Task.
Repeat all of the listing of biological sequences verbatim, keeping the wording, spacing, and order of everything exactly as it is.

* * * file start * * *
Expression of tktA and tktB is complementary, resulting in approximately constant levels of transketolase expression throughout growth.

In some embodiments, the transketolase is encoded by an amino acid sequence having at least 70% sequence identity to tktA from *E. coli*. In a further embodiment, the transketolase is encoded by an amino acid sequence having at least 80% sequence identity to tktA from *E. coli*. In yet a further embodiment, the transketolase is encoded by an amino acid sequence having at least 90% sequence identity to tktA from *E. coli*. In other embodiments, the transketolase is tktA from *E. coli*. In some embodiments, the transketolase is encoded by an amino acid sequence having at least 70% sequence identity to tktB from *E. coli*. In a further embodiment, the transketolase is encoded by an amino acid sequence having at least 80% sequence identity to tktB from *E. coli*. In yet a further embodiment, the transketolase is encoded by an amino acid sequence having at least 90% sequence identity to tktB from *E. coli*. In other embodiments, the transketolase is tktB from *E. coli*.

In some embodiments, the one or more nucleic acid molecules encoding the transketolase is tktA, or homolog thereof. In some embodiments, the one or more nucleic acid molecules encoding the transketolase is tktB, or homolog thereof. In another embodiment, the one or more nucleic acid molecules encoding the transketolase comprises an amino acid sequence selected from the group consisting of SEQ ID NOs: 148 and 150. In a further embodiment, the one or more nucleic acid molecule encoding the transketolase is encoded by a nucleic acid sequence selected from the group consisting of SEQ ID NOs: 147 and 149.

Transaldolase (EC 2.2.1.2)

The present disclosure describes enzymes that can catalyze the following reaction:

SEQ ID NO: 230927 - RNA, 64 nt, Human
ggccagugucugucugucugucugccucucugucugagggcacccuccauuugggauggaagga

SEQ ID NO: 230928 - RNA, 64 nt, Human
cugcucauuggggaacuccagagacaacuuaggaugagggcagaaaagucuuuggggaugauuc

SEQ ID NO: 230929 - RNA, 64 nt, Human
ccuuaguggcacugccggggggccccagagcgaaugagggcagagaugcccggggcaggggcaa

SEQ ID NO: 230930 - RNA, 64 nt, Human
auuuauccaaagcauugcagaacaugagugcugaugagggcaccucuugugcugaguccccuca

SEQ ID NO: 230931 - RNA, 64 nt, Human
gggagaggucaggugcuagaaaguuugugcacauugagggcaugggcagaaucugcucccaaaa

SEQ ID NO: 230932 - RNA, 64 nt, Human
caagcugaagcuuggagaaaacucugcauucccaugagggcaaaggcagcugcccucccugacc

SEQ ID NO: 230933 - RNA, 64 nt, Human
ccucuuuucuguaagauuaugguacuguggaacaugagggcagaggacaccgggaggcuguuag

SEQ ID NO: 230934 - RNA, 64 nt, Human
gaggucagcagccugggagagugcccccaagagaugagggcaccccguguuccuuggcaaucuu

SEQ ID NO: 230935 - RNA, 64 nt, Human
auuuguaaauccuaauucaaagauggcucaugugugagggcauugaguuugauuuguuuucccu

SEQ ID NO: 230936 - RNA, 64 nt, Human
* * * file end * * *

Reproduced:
Expression of tktA and tktB is complementary, resulting in approximately constant levels of transketolase expression throughout growth.

In some embodiments, the transketolase is encoded by an amino acid sequence having at least 70% sequence identity to tktA from *E. coli*. In a further embodiment, the transketolase is encoded by an amino acid sequence having at least 80% sequence identity to tktA from *E. coli*. In yet a further embodiment, the transketolase is encoded by an amino acid sequence having at least 90% sequence identity to tktA from *E. coli*. In other embodiments, the transketolase is tktA from *E. coli*. In some embodiments, the transketolase is encoded by an amino acid sequence having at least 70% sequence identity to tktB from *E. coli*. In a further embodiment, the transketolase is encoded by an amino acid sequence having at least 80% sequence identity to tktB from *E. coli*. In yet a further embodiment, the transketolase is encoded by an amino acid sequence having at least 90% sequence identity to tktB from *E. coli*. In other embodiments, the transketolase is tktB from *E. coli*.

In some embodiments, the one or more nucleic acid molecules encoding the transketolase is tktA, or homolog thereof. In some embodiments, the one or more nucleic acid molecules encoding the transketolase is tktB, or homolog thereof. In another embodiment, the one or more nucleic acid molecules encoding the transketolase comprises an amino acid sequence selected from the group consisting of SEQ ID NOs: 148 and 150. In a further embodiment, the one or more nucleic acid molecule encoding the transketolase is encoded by a nucleic acid sequence selected from the group consisting of SEQ ID NOs: 147 and 149.

Transaldolase (EC 2.2.1.2)

The present disclosure describes enzymes that can catalyze the following reaction:

SEQ ID NO: 230927 - RNA, 64 nt, Human
ggccagugucugucugucugucugccucucugucugagggcacccuccauuugggauggaagga

SEQ ID NO: 230928 - RNA, 64 nt, Human
cugcucauuggggaacuccagagacaacuuaggaugagggcagaaaagucuuuggggaugauuc

SEQ ID NO: 230929 - RNA, 64 nt, Human
ccuuaguggcacugccggggggccccagagcgaaugagggcagagaugcccggggcaggggcaa

SEQ ID NO: 230930 - RNA, 64 nt, Human
auuuauccaaagcauugcagaacaugagugcugaugagggcaccucuugugcugaguccccuca

SEQ ID NO: 230931 - RNA, 64 nt, Human
gggagaggucaggugcuagaaaguuugugcacauugagggcaugggcagaaucugcucccaaaa

SEQ ID NO: 230932 - RNA, 64 nt, Human
caagcugaagcuuggagaaaacucugcauucccaugagggcaaaggcagcugcccucccugacc

SEQ ID NO: 230933 - RNA, 64 nt, Human
ccucuuuucuguaagauuaugguacuguggaacaugagggcagaggacaccgggaggcuguuag

SEQ ID NO: 230934 - RNA, 64 nt, Human
gaggucagcagccugggagagugcccccaagagaugagggcaccccguguuccuuggcaaucuu

SEQ ID NO: 230935 - RNA, 64 nt, Human
auuuguaaauccuaauucaaagauggcucaugugugagggcauugaguuugauuuguuuucccu

SEQ ID NO: 230936 - RNA, 64 nt, Human